Saturday, April 12, 2008

 

Seems like Life will get even Tougher for Gordon

Polly Toynbee yesterday bemoaned Brown's apaprent chasing of every wispy fluctuation in public opinion:

The story that Gordon Brown fumbled the Olympic crisis was so credible because it seemed to fit a pattern. It turns out that it was announced long ago that he was never due to attend the Olympic opening: the Chinese already confirmed his attendance only at the closing ceremony. Brown, anxious to offend neither side, failed to clarify that he was not attending and not protesting either. It was a bum rap.

Today Martin Kettle plays a similar tune:

A spectre is haunting the Labour Party- the spectre of Gordon |Brown's failure.
Questions about Brown abound in Labour ranks. The concern is not, as far as I can tell from many conversations this week, primarily about Brown's policies or about the changes at No 10. The quewstion is maihnly about him. Rigtht now, the problem is Brown himself.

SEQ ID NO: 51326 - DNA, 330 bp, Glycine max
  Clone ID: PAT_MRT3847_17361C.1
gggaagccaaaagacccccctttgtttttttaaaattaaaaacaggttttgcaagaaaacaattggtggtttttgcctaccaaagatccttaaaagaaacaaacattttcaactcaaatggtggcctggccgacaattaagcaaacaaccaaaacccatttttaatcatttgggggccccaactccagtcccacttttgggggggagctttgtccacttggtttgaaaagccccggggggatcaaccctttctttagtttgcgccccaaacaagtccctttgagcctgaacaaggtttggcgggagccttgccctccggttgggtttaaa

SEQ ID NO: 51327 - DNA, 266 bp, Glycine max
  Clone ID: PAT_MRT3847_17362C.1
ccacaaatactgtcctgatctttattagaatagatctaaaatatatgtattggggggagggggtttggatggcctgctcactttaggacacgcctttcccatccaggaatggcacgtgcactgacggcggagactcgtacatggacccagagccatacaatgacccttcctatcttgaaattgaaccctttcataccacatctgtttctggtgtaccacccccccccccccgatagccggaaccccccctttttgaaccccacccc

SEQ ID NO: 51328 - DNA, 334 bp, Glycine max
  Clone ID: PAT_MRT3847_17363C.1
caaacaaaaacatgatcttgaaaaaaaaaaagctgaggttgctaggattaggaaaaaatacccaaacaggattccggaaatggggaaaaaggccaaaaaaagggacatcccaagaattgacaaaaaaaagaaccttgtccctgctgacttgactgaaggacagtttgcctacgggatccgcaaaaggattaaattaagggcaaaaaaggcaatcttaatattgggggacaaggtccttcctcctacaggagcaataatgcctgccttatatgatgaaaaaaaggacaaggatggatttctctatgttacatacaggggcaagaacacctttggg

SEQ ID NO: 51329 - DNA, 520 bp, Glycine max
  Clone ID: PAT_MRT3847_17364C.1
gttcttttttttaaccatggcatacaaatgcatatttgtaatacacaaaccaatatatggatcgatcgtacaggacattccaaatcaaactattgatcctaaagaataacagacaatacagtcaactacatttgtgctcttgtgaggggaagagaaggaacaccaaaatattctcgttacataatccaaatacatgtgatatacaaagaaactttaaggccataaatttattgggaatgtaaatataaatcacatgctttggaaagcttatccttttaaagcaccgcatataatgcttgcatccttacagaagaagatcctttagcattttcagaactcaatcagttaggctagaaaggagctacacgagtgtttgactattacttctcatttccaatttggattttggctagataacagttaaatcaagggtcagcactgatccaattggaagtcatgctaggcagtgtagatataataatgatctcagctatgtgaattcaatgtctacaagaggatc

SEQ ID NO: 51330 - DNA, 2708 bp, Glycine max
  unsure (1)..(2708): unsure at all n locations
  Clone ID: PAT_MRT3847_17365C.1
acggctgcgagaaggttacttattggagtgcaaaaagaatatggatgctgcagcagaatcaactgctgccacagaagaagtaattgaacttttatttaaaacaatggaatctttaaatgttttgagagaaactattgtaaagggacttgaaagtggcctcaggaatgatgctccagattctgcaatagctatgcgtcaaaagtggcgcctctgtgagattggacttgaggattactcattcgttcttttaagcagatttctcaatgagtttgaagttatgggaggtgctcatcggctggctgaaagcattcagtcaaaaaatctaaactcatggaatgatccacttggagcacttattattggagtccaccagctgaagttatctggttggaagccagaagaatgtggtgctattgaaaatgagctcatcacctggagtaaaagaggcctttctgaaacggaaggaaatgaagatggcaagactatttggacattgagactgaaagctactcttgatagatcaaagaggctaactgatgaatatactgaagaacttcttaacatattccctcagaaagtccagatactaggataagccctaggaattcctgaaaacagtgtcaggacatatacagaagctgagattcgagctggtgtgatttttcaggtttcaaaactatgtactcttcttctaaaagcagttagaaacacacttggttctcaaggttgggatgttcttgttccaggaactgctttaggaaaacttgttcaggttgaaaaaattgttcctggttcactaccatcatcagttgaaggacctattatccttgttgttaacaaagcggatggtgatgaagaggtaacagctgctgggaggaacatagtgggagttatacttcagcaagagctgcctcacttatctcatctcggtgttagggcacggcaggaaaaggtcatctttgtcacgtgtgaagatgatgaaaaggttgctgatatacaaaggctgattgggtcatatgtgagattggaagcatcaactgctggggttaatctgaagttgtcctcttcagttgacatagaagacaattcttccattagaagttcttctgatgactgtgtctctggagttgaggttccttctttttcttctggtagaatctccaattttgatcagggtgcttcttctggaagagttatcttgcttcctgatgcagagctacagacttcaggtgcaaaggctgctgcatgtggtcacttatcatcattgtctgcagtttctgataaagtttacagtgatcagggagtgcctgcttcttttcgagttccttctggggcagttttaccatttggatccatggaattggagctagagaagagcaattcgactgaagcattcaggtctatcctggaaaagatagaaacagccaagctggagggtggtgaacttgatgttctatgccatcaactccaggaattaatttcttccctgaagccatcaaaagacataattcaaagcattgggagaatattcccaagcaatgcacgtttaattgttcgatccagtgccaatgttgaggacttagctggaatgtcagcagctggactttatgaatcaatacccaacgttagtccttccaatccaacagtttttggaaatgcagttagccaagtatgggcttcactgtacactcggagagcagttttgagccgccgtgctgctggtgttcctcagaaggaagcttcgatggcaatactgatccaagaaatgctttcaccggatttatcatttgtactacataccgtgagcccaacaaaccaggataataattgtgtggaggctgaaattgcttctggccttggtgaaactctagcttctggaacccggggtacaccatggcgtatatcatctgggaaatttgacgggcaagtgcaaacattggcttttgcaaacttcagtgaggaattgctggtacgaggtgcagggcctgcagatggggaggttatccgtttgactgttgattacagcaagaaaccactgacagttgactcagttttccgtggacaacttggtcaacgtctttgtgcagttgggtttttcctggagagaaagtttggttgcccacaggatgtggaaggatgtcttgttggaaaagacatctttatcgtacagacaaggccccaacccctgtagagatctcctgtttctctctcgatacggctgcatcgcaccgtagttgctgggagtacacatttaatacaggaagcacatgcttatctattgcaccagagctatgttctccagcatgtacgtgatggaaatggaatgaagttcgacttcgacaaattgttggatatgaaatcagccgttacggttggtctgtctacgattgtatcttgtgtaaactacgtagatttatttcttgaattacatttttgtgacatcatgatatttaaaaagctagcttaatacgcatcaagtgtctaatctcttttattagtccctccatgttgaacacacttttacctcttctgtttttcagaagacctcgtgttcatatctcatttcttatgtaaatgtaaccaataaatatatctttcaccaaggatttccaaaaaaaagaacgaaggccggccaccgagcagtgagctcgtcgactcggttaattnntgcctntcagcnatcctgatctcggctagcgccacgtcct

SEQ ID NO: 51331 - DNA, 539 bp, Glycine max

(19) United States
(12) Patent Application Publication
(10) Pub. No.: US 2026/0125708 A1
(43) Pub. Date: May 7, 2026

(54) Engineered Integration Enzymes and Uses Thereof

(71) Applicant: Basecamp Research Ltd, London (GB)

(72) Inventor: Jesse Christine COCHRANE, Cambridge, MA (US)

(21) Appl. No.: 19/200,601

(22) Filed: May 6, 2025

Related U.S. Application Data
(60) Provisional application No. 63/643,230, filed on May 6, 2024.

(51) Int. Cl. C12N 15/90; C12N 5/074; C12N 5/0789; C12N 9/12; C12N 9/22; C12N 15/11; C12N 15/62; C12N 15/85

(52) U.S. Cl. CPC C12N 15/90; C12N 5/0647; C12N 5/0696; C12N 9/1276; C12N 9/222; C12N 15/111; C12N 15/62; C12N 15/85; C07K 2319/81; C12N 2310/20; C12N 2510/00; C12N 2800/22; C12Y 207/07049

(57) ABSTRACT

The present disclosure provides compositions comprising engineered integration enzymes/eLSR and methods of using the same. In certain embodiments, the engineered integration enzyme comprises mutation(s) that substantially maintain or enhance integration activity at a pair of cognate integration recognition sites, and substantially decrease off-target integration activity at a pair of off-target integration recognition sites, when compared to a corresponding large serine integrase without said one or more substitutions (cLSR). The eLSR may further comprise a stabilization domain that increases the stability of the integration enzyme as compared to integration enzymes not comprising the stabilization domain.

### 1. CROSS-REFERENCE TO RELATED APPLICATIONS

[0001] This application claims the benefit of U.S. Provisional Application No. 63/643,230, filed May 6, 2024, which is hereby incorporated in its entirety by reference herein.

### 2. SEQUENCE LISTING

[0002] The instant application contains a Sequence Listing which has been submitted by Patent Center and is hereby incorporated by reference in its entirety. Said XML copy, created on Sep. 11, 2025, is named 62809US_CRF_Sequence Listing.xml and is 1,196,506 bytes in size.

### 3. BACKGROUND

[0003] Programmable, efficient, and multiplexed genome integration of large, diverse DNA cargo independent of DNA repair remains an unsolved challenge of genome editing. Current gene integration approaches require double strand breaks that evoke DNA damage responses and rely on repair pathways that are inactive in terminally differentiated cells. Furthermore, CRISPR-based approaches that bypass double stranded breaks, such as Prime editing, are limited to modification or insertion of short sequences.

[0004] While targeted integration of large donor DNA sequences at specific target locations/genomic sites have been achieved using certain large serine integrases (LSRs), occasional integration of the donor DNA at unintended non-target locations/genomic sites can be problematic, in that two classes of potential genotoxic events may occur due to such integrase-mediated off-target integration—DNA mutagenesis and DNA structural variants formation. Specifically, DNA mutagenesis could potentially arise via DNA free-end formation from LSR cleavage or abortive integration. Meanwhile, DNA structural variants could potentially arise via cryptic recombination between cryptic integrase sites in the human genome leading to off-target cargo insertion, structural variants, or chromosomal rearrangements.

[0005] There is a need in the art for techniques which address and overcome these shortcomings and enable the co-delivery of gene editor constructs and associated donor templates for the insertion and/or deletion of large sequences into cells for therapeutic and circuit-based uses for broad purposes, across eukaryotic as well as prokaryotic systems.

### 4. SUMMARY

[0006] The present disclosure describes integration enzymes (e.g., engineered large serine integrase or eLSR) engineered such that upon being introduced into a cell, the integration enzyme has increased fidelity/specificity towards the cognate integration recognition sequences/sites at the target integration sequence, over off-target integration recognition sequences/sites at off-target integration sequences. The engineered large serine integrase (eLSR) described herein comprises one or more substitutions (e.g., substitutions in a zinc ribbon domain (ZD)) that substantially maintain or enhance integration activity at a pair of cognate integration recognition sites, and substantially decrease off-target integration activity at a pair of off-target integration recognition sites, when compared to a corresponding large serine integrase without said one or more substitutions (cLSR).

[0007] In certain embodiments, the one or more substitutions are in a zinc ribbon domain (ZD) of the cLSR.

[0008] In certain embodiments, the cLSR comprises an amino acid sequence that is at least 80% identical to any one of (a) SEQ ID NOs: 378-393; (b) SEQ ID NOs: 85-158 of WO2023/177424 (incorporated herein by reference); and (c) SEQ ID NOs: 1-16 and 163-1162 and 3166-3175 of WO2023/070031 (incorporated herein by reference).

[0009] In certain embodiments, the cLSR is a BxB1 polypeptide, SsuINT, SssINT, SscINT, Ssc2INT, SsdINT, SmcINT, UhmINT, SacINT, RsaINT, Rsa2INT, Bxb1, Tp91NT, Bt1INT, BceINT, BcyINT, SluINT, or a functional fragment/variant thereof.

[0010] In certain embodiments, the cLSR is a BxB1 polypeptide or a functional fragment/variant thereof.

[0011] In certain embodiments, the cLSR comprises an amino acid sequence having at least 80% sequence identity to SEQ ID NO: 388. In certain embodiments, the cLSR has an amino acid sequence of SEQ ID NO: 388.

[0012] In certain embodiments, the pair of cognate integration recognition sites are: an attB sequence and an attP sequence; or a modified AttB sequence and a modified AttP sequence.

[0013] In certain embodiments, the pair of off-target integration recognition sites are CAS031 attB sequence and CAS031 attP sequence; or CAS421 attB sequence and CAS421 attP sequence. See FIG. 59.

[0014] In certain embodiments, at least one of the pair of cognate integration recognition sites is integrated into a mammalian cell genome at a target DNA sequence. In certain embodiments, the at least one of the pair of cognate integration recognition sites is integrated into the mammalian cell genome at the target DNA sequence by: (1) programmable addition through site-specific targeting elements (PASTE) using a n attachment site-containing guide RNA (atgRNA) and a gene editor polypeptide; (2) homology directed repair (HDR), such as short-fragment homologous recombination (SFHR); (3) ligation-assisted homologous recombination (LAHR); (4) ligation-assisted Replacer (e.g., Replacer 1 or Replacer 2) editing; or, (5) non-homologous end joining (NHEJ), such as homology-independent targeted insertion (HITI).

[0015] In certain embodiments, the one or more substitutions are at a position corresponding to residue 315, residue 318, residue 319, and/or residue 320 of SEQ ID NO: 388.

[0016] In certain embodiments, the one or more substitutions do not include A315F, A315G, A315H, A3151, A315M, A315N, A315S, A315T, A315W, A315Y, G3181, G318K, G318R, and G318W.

The Guardian's leader points out that changing leaders- as Kettle goes on to essay, is out of the question: who could do it? Jack Straw maybe but no-one else even begins to measure up. Maybe this is just something drummmed up by underemployed hacks at a time when news is not too exciting but I think we're beginning to realise that poor old Gordon is just not up to the job of leading; by contrast, however much we hated him, Blair did manage to sustain that role. I reckon it all hangs on the mayoral election. If Boris gets in Labour support will begin to implode as Major's did in the seventies; if Ken gets back in Brown has a chance of rebuilding.

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